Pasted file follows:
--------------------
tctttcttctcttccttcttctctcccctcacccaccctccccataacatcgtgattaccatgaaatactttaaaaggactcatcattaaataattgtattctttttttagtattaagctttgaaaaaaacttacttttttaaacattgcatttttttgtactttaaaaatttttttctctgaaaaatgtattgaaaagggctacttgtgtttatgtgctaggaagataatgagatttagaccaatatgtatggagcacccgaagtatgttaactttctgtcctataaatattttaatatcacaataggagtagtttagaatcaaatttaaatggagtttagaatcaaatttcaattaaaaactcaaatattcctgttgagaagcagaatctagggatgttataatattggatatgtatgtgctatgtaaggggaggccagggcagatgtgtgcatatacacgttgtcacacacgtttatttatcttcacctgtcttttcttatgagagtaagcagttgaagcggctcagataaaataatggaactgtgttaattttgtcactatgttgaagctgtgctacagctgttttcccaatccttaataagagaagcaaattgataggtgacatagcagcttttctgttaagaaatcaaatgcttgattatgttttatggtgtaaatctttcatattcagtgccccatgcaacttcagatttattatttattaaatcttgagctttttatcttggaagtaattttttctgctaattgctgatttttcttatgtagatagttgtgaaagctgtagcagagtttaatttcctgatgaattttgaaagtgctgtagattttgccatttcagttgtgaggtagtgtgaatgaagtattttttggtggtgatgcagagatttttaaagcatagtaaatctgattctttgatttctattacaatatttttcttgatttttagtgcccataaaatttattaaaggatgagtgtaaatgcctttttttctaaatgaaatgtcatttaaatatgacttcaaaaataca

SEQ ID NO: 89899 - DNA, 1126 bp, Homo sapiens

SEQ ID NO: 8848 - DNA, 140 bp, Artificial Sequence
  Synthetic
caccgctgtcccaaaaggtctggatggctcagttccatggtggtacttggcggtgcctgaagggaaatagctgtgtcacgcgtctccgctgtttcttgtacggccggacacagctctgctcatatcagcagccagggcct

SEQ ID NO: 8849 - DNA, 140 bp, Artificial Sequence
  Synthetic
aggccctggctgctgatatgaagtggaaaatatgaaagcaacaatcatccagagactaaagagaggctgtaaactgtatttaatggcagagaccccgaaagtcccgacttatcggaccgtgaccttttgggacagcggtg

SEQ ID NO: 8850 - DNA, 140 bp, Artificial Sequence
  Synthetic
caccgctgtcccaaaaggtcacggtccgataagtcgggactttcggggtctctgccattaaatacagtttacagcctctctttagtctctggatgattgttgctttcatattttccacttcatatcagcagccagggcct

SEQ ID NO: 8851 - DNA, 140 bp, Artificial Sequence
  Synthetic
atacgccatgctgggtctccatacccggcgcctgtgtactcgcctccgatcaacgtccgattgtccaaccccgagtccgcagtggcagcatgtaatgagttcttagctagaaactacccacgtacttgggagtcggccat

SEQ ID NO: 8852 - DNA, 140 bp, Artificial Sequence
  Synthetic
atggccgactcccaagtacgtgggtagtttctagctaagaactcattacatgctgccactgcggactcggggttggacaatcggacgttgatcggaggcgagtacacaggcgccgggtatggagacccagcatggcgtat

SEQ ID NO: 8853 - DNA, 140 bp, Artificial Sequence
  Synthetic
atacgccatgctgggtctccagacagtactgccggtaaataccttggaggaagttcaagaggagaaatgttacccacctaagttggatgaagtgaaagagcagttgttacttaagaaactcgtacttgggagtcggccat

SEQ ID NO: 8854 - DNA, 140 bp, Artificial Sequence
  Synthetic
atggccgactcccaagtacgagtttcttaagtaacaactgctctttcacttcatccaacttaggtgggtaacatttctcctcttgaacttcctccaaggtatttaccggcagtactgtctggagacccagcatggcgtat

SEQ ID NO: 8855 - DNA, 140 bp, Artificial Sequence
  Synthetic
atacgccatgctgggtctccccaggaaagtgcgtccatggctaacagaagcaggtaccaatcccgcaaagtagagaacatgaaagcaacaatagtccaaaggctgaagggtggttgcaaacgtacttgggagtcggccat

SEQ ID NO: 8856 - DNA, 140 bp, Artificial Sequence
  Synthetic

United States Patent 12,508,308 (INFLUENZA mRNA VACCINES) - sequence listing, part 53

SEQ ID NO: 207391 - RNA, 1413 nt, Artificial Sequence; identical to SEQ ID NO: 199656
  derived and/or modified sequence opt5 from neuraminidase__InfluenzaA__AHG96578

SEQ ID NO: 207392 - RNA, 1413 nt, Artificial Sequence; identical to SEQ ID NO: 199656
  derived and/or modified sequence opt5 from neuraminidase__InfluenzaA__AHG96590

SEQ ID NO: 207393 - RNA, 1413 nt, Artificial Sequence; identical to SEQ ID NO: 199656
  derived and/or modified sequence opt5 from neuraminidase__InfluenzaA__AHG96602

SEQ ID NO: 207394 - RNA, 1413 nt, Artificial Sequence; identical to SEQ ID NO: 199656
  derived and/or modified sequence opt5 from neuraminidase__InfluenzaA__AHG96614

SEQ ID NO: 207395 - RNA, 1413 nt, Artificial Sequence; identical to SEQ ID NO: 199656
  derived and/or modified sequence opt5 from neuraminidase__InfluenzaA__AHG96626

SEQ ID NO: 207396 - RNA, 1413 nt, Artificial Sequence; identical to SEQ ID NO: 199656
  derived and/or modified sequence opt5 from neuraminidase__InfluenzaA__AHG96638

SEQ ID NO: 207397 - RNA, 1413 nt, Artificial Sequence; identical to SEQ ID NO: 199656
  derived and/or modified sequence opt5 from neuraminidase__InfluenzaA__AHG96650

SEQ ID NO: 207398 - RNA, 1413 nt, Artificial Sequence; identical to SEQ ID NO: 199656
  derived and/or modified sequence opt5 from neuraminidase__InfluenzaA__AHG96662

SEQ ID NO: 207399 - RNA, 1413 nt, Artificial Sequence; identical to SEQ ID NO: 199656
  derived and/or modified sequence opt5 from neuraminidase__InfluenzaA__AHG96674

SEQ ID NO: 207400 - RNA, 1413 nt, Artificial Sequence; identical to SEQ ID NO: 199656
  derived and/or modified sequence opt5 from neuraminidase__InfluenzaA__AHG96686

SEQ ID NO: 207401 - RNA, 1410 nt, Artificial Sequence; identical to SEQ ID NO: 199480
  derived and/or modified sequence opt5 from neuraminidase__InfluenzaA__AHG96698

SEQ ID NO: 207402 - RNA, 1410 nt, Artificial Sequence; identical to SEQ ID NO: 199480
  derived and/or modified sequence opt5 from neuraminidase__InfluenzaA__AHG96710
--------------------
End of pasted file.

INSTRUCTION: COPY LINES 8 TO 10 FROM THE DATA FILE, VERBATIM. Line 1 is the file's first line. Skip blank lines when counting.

aggccctggctgctgatatgaagtggaaaatatgaaagcaacaatcatccagagactaaagagaggctgtaaactgtatttaatggcagagaccccgaaagtcccgacttatcggaccgtgaccttttgggacagcggtg

SEQ ID NO: 8850 - DNA, 140 bp, Artificial Sequence
  Synthetic